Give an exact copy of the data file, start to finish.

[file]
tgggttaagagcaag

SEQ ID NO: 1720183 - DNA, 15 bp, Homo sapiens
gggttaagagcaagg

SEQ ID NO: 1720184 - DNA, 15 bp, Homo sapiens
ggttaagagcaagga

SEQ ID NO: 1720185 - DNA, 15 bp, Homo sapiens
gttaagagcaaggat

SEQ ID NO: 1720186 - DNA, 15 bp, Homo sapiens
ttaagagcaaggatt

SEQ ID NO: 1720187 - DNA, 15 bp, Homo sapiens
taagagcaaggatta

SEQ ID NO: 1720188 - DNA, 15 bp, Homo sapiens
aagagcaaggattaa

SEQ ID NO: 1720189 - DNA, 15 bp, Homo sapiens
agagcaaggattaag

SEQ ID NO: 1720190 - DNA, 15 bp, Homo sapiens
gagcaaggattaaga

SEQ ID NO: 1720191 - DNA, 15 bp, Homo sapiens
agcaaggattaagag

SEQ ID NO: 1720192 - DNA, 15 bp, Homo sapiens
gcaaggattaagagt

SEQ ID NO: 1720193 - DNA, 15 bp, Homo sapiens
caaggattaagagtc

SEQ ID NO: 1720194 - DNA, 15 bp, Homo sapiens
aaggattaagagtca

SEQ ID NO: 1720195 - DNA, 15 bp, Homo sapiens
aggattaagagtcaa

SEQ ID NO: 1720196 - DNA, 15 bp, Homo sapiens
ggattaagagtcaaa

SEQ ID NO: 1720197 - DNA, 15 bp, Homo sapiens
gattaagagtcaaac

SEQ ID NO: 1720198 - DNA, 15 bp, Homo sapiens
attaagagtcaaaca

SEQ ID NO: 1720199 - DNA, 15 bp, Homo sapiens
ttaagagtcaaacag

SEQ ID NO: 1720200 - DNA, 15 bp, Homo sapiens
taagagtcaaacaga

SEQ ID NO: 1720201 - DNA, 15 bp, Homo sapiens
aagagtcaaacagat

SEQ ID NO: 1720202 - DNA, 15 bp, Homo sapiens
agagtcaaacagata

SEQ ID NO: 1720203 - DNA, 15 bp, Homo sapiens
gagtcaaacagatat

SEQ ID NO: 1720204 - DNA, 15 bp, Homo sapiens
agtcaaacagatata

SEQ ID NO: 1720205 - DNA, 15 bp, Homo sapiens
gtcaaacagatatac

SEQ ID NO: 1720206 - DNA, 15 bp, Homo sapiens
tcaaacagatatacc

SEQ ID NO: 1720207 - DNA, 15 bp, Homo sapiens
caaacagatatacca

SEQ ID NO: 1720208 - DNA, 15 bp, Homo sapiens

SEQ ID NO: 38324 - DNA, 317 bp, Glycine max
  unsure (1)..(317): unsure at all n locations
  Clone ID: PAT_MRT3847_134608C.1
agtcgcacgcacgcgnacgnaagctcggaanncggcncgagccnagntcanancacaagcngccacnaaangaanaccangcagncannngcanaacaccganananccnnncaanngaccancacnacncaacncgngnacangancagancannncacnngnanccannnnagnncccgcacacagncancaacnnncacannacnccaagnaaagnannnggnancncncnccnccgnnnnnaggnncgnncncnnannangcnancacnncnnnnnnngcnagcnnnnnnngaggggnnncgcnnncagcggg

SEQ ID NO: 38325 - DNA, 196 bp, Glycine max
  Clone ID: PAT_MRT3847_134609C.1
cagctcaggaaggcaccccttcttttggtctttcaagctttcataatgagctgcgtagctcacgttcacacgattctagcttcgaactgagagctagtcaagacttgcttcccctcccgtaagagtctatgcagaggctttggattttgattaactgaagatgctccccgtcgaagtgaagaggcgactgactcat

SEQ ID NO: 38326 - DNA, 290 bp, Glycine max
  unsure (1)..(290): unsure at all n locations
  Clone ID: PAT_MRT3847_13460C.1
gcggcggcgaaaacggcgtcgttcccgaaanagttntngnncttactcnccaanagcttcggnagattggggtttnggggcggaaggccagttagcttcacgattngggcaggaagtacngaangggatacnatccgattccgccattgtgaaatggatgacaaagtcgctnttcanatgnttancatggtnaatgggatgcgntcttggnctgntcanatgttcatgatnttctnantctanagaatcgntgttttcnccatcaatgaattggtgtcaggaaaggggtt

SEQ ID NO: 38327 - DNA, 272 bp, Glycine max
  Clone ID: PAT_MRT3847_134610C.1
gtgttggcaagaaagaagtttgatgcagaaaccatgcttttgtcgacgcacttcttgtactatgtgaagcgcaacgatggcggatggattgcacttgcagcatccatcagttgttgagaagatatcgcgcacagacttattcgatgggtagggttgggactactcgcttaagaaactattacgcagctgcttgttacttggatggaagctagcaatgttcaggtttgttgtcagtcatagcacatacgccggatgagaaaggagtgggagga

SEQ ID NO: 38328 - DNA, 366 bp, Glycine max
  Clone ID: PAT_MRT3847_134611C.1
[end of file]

tgggttaagagcaag

SEQ ID NO: 1720183 - DNA, 15 bp, Homo sapiens
gggttaagagcaagg

SEQ ID NO: 1720184 - DNA, 15 bp, Homo sapiens
ggttaagagcaagga

SEQ ID NO: 1720185 - DNA, 15 bp, Homo sapiens
gttaagagcaaggat

SEQ ID NO: 1720186 - DNA, 15 bp, Homo sapiens
ttaagagcaaggatt

SEQ ID NO: 1720187 - DNA, 15 bp, Homo sapiens
taagagcaaggatta

SEQ ID NO: 1720188 - DNA, 15 bp, Homo sapiens
aagagcaaggattaa

SEQ ID NO: 1720189 - DNA, 15 bp, Homo sapiens
agagcaaggattaag

SEQ ID NO: 1720190 - DNA, 15 bp, Homo sapiens
gagcaaggattaaga

SEQ ID NO: 1720191 - DNA, 15 bp, Homo sapiens
agcaaggattaagag

SEQ ID NO: 1720192 - DNA, 15 bp, Homo sapiens
gcaaggattaagagt

SEQ ID NO: 1720193 - DNA, 15 bp, Homo sapiens
caaggattaagagtc

SEQ ID NO: 1720194 - DNA, 15 bp, Homo sapiens
aaggattaagagtca

SEQ ID NO: 1720195 - DNA, 15 bp, Homo sapiens
aggattaagagtcaa

SEQ ID NO: 1720196 - DNA, 15 bp, Homo sapiens
ggattaagagtcaaa

SEQ ID NO: 1720197 - DNA, 15 bp, Homo sapiens
gattaagagtcaaac

SEQ ID NO: 1720198 - DNA, 15 bp, Homo sapiens
attaagagtcaaaca

SEQ ID NO: 1720199 - DNA, 15 bp, Homo sapiens
ttaagagtcaaacag

SEQ ID NO: 1720200 - DNA, 15 bp, Homo sapiens
taagagtcaaacaga

SEQ ID NO: 1720201 - DNA, 15 bp, Homo sapiens
aagagtcaaacagat

SEQ ID NO: 1720202 - DNA, 15 bp, Homo sapiens
agagtcaaacagata

SEQ ID NO: 1720203 - DNA, 15 bp, Homo sapiens
gagtcaaacagatat

SEQ ID NO: 1720204 - DNA, 15 bp, Homo sapiens
agtcaaacagatata

SEQ ID NO: 1720205 - DNA, 15 bp, Homo sapiens
gtcaaacagatatac

SEQ ID NO: 1720206 - DNA, 15 bp, Homo sapiens
tcaaacagatatacc

SEQ ID NO: 1720207 - DNA, 15 bp, Homo sapiens
caaacagatatacca

SEQ ID NO: 1720208 - DNA, 15 bp, Homo sapiens

SEQ ID NO: 38324 - DNA, 317 bp, Glycine max
  unsure (1)..(317): unsure at all n locations
  Clone ID: PAT_MRT3847_134608C.1
agtcgcacgcacgcgnacgnaagctcggaanncggcncgagccnagntcanancacaagcngccacnaaangaanaccangcagncannngcanaacaccganananccnnncaanngaccancacnacncaacncgngnacangancagancannncacnngnanccannnnagnncccgcacacagncancaacnnncacannacnccaagnaaagnannnggnancncncnccnccgnnnnnaggnncgnncncnnannangcnancacnncnnnnnnngcnagcnnnnnnngaggggnnncgcnnncagcggg

SEQ ID NO: 38325 - DNA, 196 bp, Glycine max
  Clone ID: PAT_MRT3847_134609C.1
cagctcaggaaggcaccccttcttttggtctttcaagctttcataatgagctgcgtagctcacgttcacacgattctagcttcgaactgagagctagtcaagacttgcttcccctcccgtaagagtctatgcagaggctttggattttgattaactgaagatgctccccgtcgaagtgaagaggcgactgactcat

SEQ ID NO: 38326 - DNA, 290 bp, Glycine max
  unsure (1)..(290): unsure at all n locations
  Clone ID: PAT_MRT3847_13460C.1
gcggcggcgaaaacggcgtcgttcccgaaanagttntngnncttactcnccaanagcttcggnagattggggtttnggggcggaaggccagttagcttcacgattngggcaggaagtacngaangggatacnatccgattccgccattgtgaaatggatgacaaagtcgctnttcanatgnttancatggtnaatgggatgcgntcttggnctgntcanatgttcatgatnttctnantctanagaatcgntgttttcnccatcaatgaattggtgtcaggaaaggggtt

SEQ ID NO: 38327 - DNA, 272 bp, Glycine max
  Clone ID: PAT_MRT3847_134610C.1
gtgttggcaagaaagaagtttgatgcagaaaccatgcttttgtcgacgcacttcttgtactatgtgaagcgcaacgatggcggatggattgcacttgcagcatccatcagttgttgagaagatatcgcgcacagacttattcgatgggtagggttgggactactcgcttaagaaactattacgcagctgcttgttacttggatggaagctagcaatgttcaggtttgttgtcagtcatagcacatacgccggatgagaaaggagtgggagga

SEQ ID NO: 38328 - DNA, 366 bp, Glycine max
  Clone ID: PAT_MRT3847_134611C.1